The Lucas Device – Help is On the Way!

July 31, 2019

A 49 -year-old male with no medical history calls 911 with chest pain and shortness of breath after working out at the gym. His 12-lead EKG demonstrates STEMI and while preparing to transport him he goes into cardiac arrest. His initial rhythm is ventricular fibrillation. He receives high-quality CPR, multiple shocks, Epinephrine, Amiodarone, and despite maximal interventions on scene, ROSC is never obtained. He is transported to the closest SRC and pronounced. I think we would all agree that this patient was too young to die.

Unfortunately, up until recently, after exhausting our existing resources we had nothing else to offer this patient. However, soon LAFD will have new technology that could have potentially saved this man’s life and the other 300 cases of refractory shockable rhythms we treat each year.

Most shockable cardiac arrests are caused by a blocked coronary artery. The only way to definitively treat the cardiac arrest is by opening the artery up via stent placement in a cardiac cath lab. But how do we safely transport these patients from the scene of their cardiac arrest to the cath lab while maintaining high-quality CPR? This is where our new technology, the LUCAS (Lund University Cardiopulmonary Assist System) device, will help us save lives.

The LUCAS device is a mechanical CPR device that can provide uninterrupted chest compressions to the patient, allowing for consistent CPR during transportation of the patient. By providing high-quality CPR throughout transport and during treatment in the cath lab, cerebral and cardiac perfusion is maintained, allowing the best chance for not only survival but also a good neurologic outcome.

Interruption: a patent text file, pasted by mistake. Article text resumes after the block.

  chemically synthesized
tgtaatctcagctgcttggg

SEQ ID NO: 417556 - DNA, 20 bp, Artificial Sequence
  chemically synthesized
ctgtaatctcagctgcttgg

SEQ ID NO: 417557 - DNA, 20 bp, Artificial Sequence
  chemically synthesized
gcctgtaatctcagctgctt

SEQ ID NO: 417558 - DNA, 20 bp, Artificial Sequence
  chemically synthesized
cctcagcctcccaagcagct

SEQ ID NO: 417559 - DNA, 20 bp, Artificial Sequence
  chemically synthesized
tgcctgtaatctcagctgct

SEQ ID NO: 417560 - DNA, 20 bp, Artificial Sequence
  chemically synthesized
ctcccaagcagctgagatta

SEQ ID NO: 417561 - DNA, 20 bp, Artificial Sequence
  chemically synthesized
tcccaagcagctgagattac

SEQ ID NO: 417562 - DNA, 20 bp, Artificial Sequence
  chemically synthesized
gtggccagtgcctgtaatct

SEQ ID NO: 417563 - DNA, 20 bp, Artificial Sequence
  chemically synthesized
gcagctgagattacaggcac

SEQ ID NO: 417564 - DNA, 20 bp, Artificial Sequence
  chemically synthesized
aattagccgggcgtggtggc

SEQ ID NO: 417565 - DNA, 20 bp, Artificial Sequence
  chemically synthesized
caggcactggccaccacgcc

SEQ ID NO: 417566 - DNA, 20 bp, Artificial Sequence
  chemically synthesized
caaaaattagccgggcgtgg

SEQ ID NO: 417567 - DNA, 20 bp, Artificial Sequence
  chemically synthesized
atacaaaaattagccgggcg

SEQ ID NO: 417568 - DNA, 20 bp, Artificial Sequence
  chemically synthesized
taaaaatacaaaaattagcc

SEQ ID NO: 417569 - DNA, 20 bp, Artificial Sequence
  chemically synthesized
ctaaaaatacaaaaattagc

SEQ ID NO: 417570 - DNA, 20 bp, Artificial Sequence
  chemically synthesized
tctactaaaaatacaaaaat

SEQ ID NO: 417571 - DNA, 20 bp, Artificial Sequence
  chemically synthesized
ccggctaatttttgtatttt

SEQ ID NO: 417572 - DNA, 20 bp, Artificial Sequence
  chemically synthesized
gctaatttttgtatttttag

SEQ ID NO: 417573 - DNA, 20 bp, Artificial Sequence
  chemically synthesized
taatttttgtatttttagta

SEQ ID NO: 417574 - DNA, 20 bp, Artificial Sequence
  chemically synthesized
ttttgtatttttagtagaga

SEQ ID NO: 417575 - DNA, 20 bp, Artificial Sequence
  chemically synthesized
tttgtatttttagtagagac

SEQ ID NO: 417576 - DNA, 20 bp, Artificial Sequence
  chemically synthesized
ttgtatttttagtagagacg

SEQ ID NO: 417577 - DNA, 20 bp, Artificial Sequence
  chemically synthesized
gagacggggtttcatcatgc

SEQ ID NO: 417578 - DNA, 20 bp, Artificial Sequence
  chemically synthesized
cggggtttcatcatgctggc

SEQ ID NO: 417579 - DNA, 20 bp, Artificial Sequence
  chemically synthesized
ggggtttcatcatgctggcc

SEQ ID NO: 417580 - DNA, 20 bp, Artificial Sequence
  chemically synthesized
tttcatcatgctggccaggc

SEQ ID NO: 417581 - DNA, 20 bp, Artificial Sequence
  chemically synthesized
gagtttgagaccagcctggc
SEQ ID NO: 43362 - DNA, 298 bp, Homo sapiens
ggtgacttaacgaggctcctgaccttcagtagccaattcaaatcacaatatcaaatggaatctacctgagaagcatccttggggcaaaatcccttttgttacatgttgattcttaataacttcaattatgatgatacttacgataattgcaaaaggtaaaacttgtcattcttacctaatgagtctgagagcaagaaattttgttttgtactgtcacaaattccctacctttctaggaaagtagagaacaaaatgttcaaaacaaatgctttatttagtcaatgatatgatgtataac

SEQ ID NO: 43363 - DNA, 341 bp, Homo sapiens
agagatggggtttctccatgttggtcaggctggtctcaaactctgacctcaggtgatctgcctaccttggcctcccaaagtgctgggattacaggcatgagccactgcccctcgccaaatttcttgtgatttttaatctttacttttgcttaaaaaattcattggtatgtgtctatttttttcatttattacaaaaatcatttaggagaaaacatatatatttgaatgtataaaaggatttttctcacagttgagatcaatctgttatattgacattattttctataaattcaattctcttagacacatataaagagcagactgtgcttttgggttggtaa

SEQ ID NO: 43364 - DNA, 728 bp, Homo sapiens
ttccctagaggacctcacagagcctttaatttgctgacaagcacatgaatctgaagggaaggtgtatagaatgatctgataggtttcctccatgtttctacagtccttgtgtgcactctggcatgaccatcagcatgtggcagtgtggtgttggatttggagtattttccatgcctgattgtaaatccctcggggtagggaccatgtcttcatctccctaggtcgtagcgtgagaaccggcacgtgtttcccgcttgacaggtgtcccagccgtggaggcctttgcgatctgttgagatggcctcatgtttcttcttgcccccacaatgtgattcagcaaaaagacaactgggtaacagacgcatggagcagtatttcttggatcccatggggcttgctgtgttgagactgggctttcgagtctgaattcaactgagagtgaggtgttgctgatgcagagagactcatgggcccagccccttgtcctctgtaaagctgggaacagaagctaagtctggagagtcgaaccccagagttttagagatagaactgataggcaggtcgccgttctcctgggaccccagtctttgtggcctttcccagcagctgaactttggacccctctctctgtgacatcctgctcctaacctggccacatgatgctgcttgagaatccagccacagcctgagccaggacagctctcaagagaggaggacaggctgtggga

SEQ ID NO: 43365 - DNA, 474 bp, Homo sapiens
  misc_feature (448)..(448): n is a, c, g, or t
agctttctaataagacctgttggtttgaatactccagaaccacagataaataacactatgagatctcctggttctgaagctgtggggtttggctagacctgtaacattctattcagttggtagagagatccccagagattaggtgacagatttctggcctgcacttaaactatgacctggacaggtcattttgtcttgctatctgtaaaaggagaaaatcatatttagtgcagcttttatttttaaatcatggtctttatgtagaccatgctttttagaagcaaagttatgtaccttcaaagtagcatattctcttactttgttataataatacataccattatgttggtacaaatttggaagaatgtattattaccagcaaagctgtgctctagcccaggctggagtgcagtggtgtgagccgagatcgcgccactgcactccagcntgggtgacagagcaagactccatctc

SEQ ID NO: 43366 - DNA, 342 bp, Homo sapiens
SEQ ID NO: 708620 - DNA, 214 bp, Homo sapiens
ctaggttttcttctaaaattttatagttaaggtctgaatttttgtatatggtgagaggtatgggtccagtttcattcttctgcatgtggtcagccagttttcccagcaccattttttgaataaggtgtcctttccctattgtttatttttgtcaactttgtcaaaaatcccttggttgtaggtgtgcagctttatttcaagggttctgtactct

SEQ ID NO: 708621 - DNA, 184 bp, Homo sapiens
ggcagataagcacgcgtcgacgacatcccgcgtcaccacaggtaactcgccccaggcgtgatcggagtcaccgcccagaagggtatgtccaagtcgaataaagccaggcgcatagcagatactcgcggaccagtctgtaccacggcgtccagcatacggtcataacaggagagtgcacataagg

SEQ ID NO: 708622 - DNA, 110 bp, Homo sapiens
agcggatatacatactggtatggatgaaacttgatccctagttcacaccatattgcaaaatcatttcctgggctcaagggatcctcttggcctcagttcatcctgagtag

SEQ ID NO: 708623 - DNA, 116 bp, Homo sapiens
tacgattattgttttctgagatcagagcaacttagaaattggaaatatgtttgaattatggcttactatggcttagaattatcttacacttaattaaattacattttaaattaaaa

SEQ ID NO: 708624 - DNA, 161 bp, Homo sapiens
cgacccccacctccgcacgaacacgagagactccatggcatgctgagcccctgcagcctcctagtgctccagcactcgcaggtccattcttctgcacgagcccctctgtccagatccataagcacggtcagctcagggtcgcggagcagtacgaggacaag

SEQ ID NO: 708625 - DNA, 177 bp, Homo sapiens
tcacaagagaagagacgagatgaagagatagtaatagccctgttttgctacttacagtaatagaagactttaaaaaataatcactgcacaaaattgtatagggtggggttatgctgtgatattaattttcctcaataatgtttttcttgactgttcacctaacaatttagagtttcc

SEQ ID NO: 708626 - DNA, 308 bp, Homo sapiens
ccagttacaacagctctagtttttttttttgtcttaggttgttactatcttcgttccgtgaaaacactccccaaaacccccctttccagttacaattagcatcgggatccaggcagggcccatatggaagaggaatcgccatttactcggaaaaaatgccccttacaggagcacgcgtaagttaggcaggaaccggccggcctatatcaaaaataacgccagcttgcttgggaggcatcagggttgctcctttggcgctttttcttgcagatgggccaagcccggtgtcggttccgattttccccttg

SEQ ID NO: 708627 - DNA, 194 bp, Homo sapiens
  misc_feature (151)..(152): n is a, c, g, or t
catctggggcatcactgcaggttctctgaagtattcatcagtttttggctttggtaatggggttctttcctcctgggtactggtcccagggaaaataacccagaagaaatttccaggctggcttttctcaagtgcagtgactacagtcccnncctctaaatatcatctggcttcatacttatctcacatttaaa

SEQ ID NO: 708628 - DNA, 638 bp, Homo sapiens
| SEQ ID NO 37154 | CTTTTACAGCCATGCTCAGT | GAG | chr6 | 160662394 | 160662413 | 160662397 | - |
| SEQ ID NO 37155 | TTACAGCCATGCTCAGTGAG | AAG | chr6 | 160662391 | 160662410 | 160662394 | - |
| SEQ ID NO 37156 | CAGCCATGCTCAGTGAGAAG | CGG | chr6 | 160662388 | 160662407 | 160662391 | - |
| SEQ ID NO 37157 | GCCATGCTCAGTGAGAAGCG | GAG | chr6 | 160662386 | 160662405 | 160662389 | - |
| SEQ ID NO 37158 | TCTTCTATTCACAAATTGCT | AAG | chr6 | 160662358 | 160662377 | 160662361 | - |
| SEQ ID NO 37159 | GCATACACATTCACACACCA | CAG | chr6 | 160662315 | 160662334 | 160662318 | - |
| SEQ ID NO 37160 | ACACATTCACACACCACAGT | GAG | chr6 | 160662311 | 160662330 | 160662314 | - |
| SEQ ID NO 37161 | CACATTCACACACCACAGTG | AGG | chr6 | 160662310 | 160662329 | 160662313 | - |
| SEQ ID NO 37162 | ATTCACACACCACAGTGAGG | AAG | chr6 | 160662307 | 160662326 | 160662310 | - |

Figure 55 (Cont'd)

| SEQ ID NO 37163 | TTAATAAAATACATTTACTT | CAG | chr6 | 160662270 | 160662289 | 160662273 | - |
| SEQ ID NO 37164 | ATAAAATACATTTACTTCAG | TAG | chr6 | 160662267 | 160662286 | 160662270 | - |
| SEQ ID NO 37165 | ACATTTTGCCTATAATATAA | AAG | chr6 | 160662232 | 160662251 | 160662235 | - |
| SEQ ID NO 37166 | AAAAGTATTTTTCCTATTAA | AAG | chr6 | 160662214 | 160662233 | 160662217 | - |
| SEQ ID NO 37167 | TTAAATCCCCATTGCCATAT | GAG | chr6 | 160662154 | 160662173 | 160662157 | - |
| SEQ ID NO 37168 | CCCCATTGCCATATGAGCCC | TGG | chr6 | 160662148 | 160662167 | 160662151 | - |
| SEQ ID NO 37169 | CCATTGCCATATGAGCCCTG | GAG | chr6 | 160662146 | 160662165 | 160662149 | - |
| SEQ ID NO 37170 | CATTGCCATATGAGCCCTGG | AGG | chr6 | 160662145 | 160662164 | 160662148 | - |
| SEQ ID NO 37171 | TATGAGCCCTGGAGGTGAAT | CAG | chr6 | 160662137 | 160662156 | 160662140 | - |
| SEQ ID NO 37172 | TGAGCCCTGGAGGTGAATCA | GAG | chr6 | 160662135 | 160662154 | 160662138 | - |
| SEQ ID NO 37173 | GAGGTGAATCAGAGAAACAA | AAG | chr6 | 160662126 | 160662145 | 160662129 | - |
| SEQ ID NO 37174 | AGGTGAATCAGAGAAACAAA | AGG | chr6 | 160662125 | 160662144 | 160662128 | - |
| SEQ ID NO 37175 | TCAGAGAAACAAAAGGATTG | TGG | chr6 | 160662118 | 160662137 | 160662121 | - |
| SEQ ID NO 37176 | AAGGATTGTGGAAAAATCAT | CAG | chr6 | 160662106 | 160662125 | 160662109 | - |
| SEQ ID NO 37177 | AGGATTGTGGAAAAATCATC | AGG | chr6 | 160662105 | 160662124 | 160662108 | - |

Soon, the LUCAS device will be available in select battalions to allow rapid transport of patients in cardiac arrest with refractory shockable rhythms to hospitals that can provide definitive care. With the LUCAS in place, the hospital will place the patient on extracorporeal membrane oxygenation (ECMO), which is an advanced type of heart-lung bypass machine that allows for oxygenation of the vital organs (i.e. the heart and brain). Once the patient is on ECMO, the LUCAS will be removed and the cardiologists can open up the blocked coronary artery by placing a stent and hopefully reverse the cause of the cardiac arrest.

The LUCAS device will be carried by selected EMS Battalion Captains, who will arrive on scene to assist with placement of the device and facilitate transport to the select SRCs that have the capability care for these complex patients. Through this pathway, we hope to not only save lives but match the success of other systems in which 50% of these patients walked out of the hospital neurologically intact and were able to return to their families and jobs.

These patients are “too young to die”, but through your efforts, high-quality CPR, and utilizing the LUCAS in this new clinical pathway, we have the potential to save lives!
Be on the lookout for the departmental bulletin for more information on the LUCAS and training opportunities.

By Tiffany Abramson, MD LAC+USC/LAFD EMS Fellow
Photos compliments of

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